Since 1995, we have been conducting a prospective clinical trial of nonsurgical observation for asymptomatic PMC. As of 2008, 230 of 244 candidates (94%) have decided to accept this policy, whereas 56 patients underwent surgery for symptomatic PMC between 1976 and 2006.

Results

Nonsurgical observation for a mean of 5 (range, 1–17) years for 300 lesions of asymptomatic PMC revealed that 22 (7%) had increased in size, 269 (90%) were unchanged, and 9 (3%) had decreased. No patients developed extrathyroidal invasion or distant metastasis. Three patients (1%) who developed apparent lymph node metastasis and nine patients (4%) in whom tumor increased in size eventually received surgery after 1–12 years of follow-up. No recurrences have been identified postoperatively. Conversely, 10-year cause-specific survival for symptomatic PMC was 80%. Multivariate analysis identified extrathyroidal invasion, large lymph node metastasis (≥2 cm), and poorly differentiated component as significantly related to adverse outcomes.

Conclusions

Nonsurgical observation seems to represent an attractive alternative to surgery for asymptomatic PMC. Almost 95% of asymptomatic PMC patients are type I, and another 5% are type II and can be treated with conservative surgery. A small number of PMCs with bulky lymph node metastasis or extrathyroidal invasion are high-risk type III and require aggressive treatment.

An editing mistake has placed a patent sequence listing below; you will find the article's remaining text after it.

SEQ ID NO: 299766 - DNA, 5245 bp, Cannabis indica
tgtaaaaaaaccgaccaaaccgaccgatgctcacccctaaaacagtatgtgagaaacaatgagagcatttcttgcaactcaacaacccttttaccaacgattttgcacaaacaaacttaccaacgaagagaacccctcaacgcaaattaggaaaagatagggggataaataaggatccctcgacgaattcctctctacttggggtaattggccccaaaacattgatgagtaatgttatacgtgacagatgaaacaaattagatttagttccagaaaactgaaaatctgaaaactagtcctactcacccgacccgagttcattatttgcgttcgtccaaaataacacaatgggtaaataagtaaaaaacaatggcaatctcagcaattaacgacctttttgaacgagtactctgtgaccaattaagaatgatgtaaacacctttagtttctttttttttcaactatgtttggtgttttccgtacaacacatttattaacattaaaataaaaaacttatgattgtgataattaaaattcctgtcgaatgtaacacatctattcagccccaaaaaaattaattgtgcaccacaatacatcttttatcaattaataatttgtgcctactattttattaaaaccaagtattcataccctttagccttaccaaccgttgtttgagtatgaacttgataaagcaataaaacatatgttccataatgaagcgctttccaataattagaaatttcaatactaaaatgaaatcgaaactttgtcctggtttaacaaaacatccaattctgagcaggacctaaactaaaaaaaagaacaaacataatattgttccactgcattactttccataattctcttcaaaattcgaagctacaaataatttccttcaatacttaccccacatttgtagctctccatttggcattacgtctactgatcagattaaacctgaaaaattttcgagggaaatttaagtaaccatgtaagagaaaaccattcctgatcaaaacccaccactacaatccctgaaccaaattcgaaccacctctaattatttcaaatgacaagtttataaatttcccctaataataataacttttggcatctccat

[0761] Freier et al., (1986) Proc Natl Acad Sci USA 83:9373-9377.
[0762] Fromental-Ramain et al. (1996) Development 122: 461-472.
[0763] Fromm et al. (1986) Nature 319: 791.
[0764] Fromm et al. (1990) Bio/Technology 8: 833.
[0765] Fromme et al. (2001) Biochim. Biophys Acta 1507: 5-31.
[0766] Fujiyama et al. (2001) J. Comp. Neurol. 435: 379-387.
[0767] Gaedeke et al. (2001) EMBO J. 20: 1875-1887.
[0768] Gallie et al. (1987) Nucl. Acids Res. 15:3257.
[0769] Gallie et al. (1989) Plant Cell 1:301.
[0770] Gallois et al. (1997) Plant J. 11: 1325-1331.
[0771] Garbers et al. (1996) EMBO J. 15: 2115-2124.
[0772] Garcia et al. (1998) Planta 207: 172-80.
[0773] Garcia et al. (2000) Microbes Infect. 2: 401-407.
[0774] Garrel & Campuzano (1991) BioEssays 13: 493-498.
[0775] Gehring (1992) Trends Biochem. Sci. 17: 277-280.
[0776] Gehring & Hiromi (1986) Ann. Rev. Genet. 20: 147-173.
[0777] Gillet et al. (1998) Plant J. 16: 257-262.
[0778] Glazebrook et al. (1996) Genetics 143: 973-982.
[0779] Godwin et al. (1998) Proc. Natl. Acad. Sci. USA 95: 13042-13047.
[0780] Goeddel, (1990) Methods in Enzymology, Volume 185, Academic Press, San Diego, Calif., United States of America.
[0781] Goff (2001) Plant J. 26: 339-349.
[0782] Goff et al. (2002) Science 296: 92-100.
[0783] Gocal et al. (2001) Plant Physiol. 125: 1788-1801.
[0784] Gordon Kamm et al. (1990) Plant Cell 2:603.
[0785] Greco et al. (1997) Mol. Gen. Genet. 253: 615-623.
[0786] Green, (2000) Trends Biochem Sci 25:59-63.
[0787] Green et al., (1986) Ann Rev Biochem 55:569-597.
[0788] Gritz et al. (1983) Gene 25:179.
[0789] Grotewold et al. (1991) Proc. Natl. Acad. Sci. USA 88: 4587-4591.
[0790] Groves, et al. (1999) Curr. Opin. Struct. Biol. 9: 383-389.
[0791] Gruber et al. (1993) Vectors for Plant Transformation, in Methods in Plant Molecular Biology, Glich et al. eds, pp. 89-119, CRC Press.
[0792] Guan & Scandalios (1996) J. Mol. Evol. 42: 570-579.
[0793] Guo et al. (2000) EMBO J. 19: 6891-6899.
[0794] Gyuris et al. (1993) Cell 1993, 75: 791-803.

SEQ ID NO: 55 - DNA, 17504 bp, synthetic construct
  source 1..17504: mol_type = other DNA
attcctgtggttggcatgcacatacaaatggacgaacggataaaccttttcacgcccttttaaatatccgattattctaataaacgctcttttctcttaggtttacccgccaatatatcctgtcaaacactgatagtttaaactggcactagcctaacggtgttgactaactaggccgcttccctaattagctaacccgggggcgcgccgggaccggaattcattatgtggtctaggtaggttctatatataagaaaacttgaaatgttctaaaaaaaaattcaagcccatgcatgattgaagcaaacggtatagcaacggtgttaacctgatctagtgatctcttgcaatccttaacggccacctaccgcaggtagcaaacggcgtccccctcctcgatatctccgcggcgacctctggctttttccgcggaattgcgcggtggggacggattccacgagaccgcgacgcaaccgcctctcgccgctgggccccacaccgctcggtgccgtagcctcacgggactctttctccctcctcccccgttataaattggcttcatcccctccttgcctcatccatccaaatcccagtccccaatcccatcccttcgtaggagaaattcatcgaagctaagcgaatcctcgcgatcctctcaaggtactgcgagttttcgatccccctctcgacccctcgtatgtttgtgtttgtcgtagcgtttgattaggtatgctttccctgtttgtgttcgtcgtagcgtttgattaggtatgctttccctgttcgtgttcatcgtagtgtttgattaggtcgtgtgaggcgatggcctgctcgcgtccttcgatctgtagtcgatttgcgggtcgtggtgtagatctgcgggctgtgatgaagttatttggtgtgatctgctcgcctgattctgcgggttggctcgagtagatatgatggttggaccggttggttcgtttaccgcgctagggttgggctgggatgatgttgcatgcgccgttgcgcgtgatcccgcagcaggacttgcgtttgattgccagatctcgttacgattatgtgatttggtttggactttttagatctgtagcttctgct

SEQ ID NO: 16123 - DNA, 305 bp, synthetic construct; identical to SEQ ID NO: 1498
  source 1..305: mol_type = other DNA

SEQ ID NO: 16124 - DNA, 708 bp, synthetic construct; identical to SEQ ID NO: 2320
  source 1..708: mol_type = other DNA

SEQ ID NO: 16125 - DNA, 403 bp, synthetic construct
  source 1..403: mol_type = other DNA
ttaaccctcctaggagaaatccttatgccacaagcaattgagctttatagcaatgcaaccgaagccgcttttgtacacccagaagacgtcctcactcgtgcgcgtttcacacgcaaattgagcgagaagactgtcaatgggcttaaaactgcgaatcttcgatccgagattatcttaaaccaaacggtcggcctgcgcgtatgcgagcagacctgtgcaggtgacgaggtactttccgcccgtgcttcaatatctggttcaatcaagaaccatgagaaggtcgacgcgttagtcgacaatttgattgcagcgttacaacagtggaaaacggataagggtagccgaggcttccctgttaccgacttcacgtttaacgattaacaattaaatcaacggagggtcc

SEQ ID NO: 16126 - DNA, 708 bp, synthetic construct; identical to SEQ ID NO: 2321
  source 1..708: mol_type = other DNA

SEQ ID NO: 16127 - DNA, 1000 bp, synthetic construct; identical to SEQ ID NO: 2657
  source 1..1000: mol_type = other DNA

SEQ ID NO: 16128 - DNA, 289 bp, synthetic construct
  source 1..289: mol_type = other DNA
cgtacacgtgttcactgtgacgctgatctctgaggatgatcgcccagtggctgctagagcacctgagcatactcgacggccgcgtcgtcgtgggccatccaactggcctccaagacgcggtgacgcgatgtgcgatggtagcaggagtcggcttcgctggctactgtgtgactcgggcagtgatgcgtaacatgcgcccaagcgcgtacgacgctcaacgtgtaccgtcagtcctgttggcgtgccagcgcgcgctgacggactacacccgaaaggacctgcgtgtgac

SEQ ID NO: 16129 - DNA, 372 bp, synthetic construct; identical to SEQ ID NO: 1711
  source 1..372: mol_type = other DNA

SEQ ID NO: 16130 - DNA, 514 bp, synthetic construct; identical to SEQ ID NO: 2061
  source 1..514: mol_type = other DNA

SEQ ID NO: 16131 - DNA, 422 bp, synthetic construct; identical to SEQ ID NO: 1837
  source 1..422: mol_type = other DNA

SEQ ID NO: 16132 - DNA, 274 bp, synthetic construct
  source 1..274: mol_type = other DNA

Introduction

Papillary microcarcinoma (PMC) of the thyroid is defined as papillary thyroid carcinoma (PTC) with a diameter ≤ 1.0 cm according to the World Health Organization (WHO) histologic classification published in 1988 [1]. The recent widespread use of ultrasonography (US) and positron emission tomography (PET) for health screenings has increased the frequency of thyroid incidentalomas. In addition, the use of US-guided fine needle aspiration (FNA) has greatly facilitated the diagnosis of subclinical cancers.